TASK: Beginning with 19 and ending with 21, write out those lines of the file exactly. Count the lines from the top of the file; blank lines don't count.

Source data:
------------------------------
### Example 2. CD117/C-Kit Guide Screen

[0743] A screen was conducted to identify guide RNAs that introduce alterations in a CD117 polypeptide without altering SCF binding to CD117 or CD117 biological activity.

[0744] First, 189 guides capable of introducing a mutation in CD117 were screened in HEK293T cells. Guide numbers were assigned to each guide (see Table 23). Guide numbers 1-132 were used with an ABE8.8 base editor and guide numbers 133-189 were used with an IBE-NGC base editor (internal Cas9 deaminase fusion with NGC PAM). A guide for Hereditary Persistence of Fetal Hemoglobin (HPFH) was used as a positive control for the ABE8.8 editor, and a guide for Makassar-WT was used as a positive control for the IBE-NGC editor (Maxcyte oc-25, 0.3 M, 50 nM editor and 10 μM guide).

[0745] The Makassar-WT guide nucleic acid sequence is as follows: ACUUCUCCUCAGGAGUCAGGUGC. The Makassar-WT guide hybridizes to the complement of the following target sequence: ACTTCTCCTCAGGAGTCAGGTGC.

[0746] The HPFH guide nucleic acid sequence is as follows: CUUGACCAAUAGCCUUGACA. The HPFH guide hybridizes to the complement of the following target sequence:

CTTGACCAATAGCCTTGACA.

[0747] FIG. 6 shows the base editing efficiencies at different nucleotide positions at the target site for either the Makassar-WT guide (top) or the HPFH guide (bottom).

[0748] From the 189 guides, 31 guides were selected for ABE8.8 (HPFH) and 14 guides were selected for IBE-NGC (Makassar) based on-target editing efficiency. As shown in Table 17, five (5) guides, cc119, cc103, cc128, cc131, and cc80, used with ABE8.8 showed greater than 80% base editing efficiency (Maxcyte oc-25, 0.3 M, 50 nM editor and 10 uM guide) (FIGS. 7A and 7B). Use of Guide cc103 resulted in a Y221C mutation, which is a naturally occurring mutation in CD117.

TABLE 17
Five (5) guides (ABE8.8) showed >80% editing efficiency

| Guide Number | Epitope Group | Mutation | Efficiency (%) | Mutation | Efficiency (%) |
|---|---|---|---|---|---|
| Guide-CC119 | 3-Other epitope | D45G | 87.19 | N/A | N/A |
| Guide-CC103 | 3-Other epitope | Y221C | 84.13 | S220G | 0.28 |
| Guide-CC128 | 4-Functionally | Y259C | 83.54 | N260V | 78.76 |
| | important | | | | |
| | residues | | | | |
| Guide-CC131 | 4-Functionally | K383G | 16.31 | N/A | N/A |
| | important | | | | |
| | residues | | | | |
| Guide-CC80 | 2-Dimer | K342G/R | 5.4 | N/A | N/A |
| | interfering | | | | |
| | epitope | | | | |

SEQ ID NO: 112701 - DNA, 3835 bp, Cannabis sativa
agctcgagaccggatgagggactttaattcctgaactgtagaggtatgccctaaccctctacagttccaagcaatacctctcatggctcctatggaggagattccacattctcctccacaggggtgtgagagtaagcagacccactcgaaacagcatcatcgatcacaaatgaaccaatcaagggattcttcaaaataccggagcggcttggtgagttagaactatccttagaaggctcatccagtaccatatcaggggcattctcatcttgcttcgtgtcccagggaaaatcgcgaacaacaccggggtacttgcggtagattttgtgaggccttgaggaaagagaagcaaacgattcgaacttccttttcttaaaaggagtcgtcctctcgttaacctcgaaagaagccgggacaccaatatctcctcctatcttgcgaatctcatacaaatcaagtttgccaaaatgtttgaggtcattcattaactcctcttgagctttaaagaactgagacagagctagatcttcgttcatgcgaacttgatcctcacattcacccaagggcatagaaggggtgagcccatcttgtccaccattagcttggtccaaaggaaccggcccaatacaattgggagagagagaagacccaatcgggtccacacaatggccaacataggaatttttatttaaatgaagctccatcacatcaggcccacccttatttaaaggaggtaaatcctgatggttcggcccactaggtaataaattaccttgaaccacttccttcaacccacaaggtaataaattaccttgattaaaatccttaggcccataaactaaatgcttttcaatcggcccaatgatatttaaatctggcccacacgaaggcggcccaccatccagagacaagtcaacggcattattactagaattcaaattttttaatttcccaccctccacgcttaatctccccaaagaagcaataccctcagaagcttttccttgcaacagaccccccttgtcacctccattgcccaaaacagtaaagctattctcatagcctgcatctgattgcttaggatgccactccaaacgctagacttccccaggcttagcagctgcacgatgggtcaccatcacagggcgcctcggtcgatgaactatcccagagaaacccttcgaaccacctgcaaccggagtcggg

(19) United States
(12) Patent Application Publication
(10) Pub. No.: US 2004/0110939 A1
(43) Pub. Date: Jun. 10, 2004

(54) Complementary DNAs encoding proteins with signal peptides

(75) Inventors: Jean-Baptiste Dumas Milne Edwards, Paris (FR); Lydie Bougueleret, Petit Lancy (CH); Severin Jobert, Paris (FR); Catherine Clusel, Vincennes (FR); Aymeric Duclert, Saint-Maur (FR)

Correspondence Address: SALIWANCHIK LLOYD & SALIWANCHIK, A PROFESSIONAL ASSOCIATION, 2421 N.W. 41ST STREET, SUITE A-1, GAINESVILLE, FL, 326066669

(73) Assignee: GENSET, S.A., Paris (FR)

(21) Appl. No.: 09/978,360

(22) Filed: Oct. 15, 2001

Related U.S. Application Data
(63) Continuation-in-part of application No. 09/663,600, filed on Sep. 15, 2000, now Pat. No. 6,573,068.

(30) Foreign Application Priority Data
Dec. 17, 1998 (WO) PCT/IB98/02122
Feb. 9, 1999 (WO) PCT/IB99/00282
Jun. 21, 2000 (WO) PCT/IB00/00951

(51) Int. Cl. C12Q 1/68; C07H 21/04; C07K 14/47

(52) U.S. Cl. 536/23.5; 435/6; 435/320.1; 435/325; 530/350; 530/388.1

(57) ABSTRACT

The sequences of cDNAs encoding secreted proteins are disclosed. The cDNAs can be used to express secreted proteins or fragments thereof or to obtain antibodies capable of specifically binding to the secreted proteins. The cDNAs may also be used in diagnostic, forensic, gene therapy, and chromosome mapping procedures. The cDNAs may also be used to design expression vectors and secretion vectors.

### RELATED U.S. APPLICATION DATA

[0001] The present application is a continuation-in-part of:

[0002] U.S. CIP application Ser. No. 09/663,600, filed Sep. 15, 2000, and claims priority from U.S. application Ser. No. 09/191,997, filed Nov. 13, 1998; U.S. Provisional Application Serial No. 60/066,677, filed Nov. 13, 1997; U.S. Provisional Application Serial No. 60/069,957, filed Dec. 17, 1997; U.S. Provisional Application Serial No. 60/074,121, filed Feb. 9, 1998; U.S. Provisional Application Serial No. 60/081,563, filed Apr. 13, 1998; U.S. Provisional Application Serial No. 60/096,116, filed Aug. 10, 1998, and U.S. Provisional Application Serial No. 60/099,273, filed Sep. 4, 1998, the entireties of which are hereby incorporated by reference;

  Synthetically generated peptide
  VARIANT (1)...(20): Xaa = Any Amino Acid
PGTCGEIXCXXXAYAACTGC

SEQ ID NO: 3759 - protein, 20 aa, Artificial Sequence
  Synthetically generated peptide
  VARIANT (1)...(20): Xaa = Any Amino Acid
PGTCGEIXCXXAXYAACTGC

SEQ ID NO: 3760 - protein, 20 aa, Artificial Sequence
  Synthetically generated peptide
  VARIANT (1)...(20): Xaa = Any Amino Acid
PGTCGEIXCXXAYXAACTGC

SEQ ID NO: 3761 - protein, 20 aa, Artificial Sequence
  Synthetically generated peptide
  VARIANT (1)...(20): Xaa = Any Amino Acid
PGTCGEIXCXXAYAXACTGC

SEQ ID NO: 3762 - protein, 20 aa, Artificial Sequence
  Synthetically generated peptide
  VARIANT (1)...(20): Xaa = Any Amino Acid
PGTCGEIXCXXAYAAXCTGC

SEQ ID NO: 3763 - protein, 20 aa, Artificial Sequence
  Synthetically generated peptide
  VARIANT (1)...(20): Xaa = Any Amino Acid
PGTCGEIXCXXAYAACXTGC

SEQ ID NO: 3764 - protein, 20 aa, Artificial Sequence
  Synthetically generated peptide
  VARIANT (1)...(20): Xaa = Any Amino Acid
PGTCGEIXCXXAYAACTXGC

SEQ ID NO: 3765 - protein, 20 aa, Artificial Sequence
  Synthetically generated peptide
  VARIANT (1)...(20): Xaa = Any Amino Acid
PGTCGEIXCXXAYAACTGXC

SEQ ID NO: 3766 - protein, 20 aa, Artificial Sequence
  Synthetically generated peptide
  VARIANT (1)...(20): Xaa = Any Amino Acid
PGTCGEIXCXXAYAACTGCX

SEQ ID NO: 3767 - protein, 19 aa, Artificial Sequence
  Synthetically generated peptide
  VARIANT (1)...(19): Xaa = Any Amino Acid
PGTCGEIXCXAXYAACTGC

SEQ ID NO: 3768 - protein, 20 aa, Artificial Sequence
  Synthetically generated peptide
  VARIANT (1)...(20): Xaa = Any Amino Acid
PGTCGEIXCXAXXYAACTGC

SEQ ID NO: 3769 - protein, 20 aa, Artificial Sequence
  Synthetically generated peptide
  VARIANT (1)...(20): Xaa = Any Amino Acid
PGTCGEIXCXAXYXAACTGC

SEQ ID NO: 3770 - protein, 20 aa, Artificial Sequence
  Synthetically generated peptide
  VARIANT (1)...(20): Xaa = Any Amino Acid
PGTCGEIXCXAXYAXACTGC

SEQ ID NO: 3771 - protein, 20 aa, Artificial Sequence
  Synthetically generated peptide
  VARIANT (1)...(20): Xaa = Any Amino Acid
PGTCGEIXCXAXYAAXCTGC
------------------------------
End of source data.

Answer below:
| | important | | | | |
| | residues | | | | |
| Guide-CC80 | 2-Dimer | K342G/R | 5.4 | N/A | N/A |